A common misconception of facility management is that it is largely concerned with replacing light bulbs and general maintenance. While maintenance is relevant, facility management has evolved beyond areas like that. Today, it has more in common with User Experience Design, focusing on creating positive interactions and addresses all aspects of how a workplace is used by the occupants. However, in the same way that great art looks effortless, great facility management does too. It requires strategy, considered planning, and communication with the demand organisation (the company that the FM department works for or who has contracted with a facility management service provider) to create a great workplace that changes with the needs of the business.
Our goal as facility management service providers is to create great workplace experiences that support our client’s business goals and are sustainable. Our focus on creating great places to work extends to our involvement in the development of the new internationally recognised standards for facility management, ISO 41001. Contributions in recent years to the development of the ISO standard for facility management have come from many industry practitioners and experts. Consequently, it has been developed with the real-world concerns and ideas of those who make facility management their business.
Why the new standard matters to the demand organisation
The pandemic continues to have an undeniable effect on business and has drawn attention to the important role of facility management when organisations had to act quickly to shut their workplaces down. Facility managers stepped into the breach to ensure that buildings were maintained while their occupants were working remotely. Moreover, they are working to ensure that employees will be safe on their return.
The ISO 41001 standard has come at an opportune time as it offers a framework and a process approach to facility managers to better identify the needs of their stakeholders especially during uncertain times. Currently facility managers may be facing questions from their demand organisations about occupancy levels, real estate, and financial issues. A strategically and well-maintained workplace serves to attract and retain highly skilled employees; it provides a framework for the continuous improvement of a workplace and works with the demand organisation to meet their present and future needs. Creating a great place to work has really been brought into sharp focus by the pandemic as the emphasis on cleanliness, safety and the design of the workplace have become important for returning employees.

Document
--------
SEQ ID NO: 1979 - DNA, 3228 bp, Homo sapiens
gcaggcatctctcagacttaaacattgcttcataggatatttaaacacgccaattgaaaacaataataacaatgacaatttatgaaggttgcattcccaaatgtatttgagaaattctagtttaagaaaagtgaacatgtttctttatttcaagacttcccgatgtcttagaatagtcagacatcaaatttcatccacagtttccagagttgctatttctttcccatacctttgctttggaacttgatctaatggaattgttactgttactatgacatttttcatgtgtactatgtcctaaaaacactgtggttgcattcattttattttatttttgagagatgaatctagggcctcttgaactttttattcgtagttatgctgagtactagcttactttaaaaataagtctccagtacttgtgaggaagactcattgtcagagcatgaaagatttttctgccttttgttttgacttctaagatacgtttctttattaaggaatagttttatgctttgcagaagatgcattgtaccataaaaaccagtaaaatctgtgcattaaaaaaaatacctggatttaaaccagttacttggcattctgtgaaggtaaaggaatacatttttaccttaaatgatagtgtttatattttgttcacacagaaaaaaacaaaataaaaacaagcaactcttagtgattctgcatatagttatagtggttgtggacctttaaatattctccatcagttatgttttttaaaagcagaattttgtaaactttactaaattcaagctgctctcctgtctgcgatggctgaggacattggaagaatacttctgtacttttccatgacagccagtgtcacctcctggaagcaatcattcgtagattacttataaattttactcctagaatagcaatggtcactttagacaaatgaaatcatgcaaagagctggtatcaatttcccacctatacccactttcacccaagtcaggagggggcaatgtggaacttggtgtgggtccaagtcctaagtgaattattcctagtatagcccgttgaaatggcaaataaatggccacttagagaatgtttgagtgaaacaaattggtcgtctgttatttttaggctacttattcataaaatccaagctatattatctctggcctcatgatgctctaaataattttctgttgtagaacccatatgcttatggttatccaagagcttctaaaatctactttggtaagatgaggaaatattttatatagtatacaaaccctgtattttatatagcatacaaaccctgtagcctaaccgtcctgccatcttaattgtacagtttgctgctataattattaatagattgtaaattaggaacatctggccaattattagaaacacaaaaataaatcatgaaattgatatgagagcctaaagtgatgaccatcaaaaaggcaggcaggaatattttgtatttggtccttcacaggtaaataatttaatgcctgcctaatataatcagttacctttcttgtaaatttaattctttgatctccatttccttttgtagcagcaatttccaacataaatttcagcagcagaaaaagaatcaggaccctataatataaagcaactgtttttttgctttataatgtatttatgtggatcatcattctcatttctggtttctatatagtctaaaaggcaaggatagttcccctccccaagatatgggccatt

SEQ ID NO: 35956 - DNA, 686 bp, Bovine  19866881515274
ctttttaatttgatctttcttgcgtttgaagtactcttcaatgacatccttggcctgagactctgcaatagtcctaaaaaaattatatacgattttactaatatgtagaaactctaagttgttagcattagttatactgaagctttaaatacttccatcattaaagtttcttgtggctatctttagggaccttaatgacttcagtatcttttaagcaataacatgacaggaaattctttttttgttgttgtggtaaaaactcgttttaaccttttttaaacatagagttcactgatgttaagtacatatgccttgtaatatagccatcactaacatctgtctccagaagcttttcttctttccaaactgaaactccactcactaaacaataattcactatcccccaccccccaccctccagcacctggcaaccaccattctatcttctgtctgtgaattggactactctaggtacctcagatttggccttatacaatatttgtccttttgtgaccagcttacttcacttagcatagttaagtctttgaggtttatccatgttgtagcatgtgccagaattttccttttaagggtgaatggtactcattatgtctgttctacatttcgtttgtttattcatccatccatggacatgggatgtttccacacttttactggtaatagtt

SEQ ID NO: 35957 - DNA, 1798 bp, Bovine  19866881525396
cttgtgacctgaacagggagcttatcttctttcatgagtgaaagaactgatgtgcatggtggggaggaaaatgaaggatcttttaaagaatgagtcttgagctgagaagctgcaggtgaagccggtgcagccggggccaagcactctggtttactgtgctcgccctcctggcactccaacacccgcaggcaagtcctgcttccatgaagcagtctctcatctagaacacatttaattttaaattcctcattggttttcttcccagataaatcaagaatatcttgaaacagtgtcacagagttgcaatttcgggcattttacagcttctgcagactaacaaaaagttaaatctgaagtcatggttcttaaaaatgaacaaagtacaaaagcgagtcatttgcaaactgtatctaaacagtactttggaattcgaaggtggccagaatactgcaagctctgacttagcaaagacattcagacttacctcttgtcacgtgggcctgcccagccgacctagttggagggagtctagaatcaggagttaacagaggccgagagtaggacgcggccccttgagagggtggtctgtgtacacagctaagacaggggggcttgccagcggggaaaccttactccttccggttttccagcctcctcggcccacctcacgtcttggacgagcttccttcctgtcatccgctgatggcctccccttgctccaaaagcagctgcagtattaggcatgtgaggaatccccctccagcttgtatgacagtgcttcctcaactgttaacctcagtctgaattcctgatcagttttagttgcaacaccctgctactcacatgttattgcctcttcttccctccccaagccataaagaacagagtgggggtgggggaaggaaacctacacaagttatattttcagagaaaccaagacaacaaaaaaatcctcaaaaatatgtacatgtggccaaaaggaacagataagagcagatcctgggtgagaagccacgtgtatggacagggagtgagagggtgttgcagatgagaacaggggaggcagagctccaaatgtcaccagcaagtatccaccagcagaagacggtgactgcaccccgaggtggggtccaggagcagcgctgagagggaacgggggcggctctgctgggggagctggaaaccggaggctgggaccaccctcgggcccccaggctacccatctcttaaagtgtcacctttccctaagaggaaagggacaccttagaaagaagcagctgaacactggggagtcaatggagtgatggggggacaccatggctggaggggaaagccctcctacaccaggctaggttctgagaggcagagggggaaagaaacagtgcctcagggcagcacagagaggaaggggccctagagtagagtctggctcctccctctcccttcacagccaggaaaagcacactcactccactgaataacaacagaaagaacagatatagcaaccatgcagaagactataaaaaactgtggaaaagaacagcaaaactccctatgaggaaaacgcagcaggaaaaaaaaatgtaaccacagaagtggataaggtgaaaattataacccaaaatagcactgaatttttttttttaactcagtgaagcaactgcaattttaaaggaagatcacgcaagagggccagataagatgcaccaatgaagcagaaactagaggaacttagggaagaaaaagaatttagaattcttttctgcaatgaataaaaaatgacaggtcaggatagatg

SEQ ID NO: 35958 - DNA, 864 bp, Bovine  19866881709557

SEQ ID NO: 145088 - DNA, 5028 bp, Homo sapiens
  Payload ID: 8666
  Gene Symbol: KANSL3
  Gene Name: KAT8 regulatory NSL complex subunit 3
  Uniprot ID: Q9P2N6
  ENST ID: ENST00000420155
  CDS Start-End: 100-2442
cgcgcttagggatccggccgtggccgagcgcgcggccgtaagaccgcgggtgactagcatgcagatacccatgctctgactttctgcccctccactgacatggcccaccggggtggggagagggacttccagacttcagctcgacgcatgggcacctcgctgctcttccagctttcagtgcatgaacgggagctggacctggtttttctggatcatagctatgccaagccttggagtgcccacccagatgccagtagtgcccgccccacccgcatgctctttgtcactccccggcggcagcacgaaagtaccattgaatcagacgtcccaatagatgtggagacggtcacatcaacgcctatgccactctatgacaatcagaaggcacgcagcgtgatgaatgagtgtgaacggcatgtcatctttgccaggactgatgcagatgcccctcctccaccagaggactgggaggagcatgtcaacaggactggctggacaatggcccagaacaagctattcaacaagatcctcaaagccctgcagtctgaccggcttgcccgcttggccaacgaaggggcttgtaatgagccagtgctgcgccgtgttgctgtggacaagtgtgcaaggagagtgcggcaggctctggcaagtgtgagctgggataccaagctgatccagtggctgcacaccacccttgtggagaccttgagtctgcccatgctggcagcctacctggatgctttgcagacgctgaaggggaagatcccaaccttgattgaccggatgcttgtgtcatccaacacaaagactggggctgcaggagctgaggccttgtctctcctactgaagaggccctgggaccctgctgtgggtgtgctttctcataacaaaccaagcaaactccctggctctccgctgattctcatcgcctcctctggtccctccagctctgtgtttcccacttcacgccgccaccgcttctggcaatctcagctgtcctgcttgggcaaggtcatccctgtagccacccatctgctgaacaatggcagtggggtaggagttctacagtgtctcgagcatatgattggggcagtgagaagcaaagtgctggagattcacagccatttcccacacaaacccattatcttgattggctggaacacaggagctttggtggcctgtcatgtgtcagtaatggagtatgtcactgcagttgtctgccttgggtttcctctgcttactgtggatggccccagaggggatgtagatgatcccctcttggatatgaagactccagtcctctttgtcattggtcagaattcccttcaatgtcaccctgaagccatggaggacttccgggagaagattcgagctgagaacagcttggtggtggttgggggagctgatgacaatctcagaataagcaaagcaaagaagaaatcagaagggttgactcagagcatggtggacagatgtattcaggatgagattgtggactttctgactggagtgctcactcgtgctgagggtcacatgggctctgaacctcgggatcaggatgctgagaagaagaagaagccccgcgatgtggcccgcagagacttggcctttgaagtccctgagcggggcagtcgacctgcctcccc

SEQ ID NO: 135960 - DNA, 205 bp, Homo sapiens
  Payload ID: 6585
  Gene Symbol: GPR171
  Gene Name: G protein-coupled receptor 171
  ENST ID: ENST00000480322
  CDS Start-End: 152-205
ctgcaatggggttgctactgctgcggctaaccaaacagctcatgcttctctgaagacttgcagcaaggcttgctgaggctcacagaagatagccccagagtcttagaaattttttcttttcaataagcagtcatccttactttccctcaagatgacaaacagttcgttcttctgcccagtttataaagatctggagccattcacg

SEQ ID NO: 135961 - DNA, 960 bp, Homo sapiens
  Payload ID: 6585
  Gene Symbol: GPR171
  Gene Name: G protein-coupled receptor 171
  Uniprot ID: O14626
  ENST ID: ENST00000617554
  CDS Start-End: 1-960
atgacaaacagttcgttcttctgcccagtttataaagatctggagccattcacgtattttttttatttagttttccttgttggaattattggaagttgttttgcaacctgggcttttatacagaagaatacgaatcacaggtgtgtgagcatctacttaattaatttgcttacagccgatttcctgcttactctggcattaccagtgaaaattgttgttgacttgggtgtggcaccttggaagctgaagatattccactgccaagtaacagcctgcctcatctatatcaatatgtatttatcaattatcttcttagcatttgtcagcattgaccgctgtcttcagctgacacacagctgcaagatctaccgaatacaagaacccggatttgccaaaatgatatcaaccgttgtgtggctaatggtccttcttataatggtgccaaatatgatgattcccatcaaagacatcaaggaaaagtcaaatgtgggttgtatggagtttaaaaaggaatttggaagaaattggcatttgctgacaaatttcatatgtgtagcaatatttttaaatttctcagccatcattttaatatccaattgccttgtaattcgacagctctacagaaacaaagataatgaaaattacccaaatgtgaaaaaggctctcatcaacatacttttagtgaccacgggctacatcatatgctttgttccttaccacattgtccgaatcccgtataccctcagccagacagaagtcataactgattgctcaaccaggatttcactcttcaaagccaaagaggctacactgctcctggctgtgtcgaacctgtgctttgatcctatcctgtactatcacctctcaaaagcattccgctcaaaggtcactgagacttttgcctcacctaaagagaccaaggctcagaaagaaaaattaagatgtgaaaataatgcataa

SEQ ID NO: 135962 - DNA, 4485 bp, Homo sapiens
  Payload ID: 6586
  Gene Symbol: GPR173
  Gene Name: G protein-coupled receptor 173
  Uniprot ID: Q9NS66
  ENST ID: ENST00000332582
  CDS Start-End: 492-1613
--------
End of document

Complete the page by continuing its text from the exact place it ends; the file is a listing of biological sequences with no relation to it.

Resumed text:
ISO 41001 illustrates a way of integrating policies and measures within the demand organisation with those of facility management. Integration of these two areas allows for facility management to better support the goals of the demand organisation. Additionally, it allows them to work strategically and communicate with their counterparts within the organisation.
Figure 1 How facility management aligns with the demand organisation’s strategy (Source ISO 41001)
Developing the ISO standard for facility management has taken several years and although it has been hard work, it has been a positive experience for all involved. The enthusiasm and diversity of participants reflected how facility management has broadened its role in demand organisations. Additionally, the development of the new group of standards helps to advance the strategic role FM plays in of an organisation.
Acacia’s managing director, David O’Brien, is a member of TC 267, the technical committee that is responsible for developing the ISO 41000 suite of standards. He has been involved in standards development for the last seven years and emphasizes the importance of Ireland having a voice in the development of the standards. When speaking to him, he said that he looks forward to